1. Download the Ubuntu Server image from
    wget -P /tmp/
  2. Then write the disk image to your SD card
    xzcat /tmp/ubuntu-20.04-preinstalled-server-arm64+raspi.img.xz | sudo dd of=/dev/mmcblk0 bs=32M
    Be careful when using dd, if you specify the wrong output (of=...), it'll overwrite everything on that device, so it's easy to accidentally destroy your computer.
  3. Install the SD card into the Raspberry Pi, connect it to a network using Ethernet, and power it up.
    If you don't have an Ethernet network to connect the Pi to, you can configure the WiFi first, as explained here: WiFi Setup
  4. Use your favorite method to find its IP address. You can find it in your router's settings, with an app like Fing, or by using a command line tool like nmap. If you have a router that automatically adds the hostnames of the devices on the local network to its IP records, you might be able to just use the hostname ubuntu, without needing to find its IP address manually.
  5. Connect to the Raspberry Pi over SSH
    ssh ubuntu@
    ssh ubuntu@ubuntu # if you have a smart DNS server in your router
    Replace the IP address with the one you found in the previous step.
    You'll be prompted a password, the default one is ubuntu.
  6. Follow the instructions to change the default password and connect again with the new password.

SSH Configuration

  1. Set the hostname:
    sudo hostnamectl set-hostname rpi3
  2. Install the avahi-daemon package to enable mDNS:
    sudo apt install avahi-daemon
  3. If you already had the avahi-daemon installed, you have to restart it to use the new hostname:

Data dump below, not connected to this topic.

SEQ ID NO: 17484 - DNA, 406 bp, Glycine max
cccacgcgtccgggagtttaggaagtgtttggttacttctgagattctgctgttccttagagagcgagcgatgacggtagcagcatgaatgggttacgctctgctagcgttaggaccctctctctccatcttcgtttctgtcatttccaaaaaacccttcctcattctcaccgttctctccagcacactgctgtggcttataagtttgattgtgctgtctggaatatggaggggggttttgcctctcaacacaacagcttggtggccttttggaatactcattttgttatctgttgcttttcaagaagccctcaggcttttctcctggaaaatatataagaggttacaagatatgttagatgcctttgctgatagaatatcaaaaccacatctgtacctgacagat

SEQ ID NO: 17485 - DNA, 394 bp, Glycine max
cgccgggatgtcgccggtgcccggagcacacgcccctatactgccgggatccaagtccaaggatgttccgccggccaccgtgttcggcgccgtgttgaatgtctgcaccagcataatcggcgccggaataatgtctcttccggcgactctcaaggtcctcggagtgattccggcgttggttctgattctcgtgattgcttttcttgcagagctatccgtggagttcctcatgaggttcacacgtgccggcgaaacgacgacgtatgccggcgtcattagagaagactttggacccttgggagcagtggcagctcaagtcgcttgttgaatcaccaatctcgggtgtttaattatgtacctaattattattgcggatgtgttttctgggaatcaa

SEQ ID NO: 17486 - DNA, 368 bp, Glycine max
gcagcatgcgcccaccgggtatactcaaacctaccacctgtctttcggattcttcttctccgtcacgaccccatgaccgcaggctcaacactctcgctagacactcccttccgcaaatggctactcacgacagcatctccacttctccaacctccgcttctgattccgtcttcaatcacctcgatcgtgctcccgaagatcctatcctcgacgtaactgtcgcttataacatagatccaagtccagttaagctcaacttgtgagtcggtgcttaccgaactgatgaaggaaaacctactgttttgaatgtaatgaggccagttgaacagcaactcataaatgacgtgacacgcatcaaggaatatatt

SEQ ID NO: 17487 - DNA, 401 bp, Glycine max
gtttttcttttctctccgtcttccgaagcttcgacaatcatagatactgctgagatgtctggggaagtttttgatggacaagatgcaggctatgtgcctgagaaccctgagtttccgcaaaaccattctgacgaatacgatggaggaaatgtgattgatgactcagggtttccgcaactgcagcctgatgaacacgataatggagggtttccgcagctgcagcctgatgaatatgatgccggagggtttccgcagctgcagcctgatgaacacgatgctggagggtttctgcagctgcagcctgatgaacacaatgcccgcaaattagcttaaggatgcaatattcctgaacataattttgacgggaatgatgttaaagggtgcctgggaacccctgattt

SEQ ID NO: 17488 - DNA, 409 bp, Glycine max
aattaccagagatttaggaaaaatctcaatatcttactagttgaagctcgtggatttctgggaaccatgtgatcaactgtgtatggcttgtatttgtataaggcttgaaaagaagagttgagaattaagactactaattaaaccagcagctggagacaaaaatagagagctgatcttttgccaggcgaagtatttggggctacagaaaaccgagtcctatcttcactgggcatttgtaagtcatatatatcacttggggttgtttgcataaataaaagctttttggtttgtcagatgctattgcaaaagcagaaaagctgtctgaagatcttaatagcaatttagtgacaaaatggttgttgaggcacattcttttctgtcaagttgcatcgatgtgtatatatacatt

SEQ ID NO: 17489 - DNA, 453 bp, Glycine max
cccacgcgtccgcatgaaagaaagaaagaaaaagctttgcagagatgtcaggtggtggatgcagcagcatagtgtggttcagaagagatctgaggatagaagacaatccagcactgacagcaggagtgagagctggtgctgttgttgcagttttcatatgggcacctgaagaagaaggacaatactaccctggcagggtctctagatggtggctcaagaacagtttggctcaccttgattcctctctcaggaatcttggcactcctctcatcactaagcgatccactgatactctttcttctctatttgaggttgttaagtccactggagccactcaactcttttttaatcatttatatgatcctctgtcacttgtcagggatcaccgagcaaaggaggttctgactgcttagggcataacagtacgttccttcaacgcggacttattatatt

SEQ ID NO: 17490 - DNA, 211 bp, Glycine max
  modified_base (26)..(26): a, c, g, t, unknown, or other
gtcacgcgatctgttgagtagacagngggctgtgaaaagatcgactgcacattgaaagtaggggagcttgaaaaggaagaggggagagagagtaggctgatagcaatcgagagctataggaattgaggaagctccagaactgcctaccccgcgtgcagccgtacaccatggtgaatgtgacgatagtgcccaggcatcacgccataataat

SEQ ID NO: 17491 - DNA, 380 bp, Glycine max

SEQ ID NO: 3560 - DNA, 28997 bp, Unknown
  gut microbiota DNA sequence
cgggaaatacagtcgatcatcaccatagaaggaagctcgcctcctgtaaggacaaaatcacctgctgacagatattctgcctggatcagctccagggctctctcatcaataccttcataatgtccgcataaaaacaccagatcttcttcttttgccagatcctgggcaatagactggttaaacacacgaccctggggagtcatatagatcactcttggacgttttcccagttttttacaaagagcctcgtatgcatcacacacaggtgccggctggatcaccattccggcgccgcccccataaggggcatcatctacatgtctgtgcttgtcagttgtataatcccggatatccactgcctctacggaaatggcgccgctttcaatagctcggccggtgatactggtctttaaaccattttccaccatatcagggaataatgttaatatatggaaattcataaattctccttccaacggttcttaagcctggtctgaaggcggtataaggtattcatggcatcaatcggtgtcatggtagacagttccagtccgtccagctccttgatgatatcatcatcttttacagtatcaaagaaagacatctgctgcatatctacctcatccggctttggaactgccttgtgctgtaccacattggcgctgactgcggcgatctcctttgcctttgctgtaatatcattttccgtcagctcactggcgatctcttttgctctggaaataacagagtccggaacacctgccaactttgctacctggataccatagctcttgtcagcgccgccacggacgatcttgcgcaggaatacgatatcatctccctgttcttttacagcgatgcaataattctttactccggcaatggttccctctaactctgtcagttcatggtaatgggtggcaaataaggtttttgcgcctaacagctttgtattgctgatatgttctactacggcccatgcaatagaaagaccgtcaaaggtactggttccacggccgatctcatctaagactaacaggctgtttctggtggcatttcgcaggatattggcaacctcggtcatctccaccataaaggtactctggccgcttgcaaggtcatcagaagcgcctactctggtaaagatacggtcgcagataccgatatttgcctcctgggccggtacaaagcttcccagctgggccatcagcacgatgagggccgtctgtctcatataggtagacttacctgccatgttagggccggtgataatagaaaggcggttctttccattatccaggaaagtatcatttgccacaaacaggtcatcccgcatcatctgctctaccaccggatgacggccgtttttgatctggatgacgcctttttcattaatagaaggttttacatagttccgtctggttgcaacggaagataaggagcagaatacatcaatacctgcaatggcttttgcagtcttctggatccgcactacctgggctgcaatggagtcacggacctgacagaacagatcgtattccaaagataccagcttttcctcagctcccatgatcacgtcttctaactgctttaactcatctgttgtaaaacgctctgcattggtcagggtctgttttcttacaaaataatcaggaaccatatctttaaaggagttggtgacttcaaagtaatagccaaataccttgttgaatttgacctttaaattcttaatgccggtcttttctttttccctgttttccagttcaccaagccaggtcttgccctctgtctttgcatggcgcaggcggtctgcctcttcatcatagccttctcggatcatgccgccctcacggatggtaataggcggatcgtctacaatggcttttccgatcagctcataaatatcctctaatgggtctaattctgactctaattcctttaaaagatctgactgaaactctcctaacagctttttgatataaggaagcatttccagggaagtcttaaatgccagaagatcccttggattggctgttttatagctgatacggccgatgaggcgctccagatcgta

sudo service avahi-daemon restart
  4. Close the SSH connection:
  5. You should now be able to reach the Pi using its mDNS hostname:
    ping rpi3.local -c3
  6. Create an SSH configuration for the Pi on your computer, so you can connect to it without having to specify the hostname or username:
    cat >> ~/.ssh/config << 'EOF'
    Host RPi3
        HostName rpi3.local
        User ubuntu
  7. Add your public key to the Pi's authorized_keys, so you can connect to it without entering the password each time:
    ssh-copy-id -i ~/.ssh/ RPi3
    If you don't have an SSH key pair yet, you can follow these instructions on how to create one: DigitalOcean - How to Set Up SSH Keys.
  8. You can now try to connect to it without having to specify the hostname or username, and without having to enter your password:
    ssh RPi3
  9. For security reasons, it's a good idea to disallow password login. Edit the /etc/ssh/sshd_config file:
    sudo nano /etc/ssh/sshd_config
    Locate the line PasswordAuthentication yes, and replace it with PasswordAuthentication no. Then save the file and exit the editor using Ctrl+X.
    Finally, restart the SSH server to apply the settings:
    sudo service ssh restart
    Now you'll only be able to log into the Pi using the SSH key we installed in step 7.